Tropical Storm Maria Could Be A Hurricane Before End of the Day and a Major Hurricane Soon After
BRIDGETOWN, Barbados, Sunday September 17, 2017 – It’s still Tropical Storm Maria for now, but that’s likely to change later today, as the storm moves closer to the Leeward Islands.
In fact, forecasters say not only is Maria likely to be a hurricane as it moves across the island chain, but it could become a major hurricane by mid-week.
At 11 a.m., Maria was 450 miles east southeast of the Leeward Islands and moving west northwest at 15 miles per hour. At that time it was still carrying maximum sustained winds near 65 miles per hour, with higher gusts, and the National Hurricane Centre (NHC) in Miami said its centre is on track to move across the Leeward Islands tomorrow night.
Several watches and warnings remain in place, while others have been added in the latest advisory. A hurricane warning has been issued for Dominica and a tropical storm warning is now in effect for St Lucia.
A hurricane watch remains in effect for: Antigua & Barbuda, St Kitts & Nevis, Montserrat, Guadeloupe, Saba, St Eustatius, St Maarten, St Martin, St Barthelemy and Anguilla; while Martinique, Barbados and St Vincent and the Grenadines are still under a tropical storm watch.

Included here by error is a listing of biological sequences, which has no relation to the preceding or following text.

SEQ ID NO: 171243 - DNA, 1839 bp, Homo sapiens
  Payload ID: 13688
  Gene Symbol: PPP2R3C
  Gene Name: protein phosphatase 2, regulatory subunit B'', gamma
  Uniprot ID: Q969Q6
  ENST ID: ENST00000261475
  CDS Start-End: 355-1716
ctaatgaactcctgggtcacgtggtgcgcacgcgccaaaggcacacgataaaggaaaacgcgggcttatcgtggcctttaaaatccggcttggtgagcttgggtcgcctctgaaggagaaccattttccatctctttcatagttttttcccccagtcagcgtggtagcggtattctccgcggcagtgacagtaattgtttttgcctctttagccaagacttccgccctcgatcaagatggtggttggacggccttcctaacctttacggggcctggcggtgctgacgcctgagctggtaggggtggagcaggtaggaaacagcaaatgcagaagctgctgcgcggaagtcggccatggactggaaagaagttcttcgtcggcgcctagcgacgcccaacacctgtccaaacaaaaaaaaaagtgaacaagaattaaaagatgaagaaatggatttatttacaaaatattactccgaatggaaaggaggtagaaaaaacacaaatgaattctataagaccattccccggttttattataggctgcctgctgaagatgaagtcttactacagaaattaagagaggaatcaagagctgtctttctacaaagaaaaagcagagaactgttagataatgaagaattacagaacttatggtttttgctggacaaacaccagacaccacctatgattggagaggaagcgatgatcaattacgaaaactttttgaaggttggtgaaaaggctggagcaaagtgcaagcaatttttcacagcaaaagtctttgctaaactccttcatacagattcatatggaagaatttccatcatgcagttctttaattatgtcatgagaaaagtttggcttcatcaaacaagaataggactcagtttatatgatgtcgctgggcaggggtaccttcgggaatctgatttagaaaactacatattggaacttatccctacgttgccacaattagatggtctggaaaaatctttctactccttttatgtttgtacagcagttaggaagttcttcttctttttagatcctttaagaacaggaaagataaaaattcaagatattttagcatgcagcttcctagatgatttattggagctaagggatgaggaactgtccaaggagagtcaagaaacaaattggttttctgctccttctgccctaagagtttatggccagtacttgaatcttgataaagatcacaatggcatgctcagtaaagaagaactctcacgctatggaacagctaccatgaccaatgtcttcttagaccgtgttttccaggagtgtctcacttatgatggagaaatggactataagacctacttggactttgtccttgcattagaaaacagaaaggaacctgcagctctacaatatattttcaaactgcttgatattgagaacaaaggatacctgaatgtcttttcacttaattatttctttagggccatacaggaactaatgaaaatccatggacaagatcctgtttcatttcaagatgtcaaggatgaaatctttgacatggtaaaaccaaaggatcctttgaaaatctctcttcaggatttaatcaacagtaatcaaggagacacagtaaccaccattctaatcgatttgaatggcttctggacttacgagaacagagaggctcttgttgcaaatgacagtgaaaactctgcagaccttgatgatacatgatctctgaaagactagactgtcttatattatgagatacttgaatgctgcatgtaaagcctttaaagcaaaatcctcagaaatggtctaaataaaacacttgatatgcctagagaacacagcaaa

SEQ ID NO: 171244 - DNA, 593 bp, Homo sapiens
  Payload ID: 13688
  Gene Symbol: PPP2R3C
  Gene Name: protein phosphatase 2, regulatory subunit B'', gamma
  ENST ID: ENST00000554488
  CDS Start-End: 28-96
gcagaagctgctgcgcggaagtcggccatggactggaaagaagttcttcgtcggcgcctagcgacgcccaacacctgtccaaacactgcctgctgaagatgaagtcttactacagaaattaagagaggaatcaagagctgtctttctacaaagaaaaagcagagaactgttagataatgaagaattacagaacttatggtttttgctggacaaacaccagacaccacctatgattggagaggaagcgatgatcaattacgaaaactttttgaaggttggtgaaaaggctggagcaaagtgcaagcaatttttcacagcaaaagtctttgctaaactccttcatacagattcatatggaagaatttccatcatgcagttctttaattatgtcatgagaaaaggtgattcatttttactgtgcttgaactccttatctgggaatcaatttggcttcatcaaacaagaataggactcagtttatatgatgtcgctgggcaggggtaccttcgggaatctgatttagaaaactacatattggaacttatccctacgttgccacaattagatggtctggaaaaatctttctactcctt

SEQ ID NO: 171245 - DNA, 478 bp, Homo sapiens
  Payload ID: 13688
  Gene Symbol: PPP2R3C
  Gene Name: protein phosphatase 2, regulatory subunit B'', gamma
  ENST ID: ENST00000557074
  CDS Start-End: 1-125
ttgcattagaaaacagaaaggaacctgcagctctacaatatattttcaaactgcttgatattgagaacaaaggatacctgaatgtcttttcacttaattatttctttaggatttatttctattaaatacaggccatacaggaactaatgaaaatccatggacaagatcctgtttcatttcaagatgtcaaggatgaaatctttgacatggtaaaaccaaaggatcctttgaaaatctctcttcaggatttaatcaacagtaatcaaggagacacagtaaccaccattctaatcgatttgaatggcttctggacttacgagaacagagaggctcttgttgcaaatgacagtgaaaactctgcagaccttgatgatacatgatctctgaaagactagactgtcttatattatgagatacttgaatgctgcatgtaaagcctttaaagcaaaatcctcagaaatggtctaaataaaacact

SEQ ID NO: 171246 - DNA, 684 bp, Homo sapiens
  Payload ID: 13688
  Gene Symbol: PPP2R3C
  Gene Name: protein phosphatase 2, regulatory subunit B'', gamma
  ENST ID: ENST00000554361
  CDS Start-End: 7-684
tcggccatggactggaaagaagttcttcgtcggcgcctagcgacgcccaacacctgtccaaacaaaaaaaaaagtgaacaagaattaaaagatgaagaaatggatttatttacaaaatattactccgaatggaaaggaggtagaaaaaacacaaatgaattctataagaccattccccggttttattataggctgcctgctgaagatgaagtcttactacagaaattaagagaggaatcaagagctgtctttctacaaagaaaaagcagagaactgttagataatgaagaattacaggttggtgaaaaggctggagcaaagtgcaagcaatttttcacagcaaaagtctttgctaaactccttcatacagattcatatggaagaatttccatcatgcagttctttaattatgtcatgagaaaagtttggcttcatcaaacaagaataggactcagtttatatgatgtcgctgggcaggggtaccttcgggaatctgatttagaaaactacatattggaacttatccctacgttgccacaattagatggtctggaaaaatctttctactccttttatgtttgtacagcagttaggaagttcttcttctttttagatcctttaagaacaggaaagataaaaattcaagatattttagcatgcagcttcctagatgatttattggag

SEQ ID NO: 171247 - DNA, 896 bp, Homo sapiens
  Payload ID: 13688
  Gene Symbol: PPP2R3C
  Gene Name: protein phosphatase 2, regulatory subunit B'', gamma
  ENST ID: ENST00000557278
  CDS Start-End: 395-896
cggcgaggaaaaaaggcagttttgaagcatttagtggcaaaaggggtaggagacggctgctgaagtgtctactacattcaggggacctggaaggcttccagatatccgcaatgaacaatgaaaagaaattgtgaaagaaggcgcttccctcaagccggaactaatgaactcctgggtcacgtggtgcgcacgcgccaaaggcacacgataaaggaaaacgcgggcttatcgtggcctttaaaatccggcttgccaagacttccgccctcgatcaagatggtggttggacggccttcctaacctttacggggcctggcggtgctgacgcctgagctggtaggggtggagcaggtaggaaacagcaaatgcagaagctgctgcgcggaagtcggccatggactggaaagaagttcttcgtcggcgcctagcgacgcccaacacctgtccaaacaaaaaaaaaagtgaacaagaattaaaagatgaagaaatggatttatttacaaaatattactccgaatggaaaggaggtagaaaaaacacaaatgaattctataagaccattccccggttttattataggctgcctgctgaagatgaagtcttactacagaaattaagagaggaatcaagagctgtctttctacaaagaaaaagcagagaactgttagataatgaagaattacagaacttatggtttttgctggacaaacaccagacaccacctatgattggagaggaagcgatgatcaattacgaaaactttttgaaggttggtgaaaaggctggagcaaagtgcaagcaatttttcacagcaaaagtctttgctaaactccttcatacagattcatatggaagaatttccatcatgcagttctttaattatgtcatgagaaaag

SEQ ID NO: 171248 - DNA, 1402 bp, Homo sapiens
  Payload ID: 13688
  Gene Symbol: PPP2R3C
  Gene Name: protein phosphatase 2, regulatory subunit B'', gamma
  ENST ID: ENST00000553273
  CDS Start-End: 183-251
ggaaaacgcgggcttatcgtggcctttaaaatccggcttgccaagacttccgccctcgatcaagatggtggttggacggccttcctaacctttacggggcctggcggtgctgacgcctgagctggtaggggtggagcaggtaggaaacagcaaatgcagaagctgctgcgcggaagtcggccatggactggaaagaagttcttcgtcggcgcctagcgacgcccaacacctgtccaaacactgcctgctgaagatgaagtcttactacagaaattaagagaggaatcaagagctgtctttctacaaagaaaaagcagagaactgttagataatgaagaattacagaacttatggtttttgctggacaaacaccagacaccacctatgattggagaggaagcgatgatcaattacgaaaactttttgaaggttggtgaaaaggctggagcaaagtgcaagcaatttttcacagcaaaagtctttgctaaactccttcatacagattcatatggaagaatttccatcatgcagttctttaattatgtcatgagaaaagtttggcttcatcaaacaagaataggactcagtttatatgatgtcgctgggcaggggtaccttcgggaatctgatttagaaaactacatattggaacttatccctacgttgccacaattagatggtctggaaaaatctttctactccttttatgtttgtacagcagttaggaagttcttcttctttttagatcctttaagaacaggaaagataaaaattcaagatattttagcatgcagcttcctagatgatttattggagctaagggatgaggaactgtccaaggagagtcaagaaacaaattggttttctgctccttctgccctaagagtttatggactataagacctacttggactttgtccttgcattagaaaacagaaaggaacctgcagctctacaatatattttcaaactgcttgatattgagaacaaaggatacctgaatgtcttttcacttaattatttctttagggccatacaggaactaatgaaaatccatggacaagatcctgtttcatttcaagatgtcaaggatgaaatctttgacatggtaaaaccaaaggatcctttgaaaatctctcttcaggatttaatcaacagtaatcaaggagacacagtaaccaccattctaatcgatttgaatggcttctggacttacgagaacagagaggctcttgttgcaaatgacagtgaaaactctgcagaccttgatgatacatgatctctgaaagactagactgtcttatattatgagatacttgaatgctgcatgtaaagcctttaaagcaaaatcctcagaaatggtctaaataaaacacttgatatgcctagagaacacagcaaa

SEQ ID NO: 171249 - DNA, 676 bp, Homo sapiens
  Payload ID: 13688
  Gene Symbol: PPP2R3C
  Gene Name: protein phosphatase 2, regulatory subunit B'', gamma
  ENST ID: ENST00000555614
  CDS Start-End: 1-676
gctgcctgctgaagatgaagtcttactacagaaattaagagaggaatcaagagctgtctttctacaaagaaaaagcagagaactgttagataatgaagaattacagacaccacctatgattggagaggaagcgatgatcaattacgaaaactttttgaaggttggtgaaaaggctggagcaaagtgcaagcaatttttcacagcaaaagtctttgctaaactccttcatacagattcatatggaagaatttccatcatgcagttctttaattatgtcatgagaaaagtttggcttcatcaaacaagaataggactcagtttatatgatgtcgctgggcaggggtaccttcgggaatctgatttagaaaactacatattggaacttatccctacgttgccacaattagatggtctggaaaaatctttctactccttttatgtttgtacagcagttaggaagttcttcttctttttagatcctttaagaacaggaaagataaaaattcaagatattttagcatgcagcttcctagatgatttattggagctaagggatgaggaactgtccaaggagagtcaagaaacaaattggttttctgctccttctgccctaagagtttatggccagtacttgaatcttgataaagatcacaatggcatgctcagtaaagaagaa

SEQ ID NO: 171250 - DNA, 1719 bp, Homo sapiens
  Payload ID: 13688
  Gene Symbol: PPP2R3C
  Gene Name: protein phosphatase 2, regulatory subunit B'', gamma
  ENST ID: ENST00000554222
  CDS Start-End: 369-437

Swells generated by Maria are already beginning to affect the Lesser Antilles. And forecasters say a dangerous storm surge accompanied by large and destructive waves will raise water levels by as much as 4 to 6 feet above normal tide levels near where the center of Maria moves across the Leeward Islands.
Maria is also expected to produce total rain accumulations of 6 to 12 inches with isolated maximum amounts of 20 inches across the Leeward Islands, including Puerto Rico and the US and British Virgin Islands through Wednesday night; and 2 to 4 inches for the northern and central Windward Islands.
“In all the above areas, these rainfall amounts could cause life-threatening flash floods and mudslides,” the NHC warned.
And as Maria is forecast to strengthen, what was Tropical Storm Lee has weakened. It is now a tropical depression with maximum sustained winds that have decreased to near 35 miles per hour.
At 11 a.m., it was located about 875 miles west southwest of the Cabo Verde Islands and forecasters say it could be a remnant low by Tuesday, if not sooner.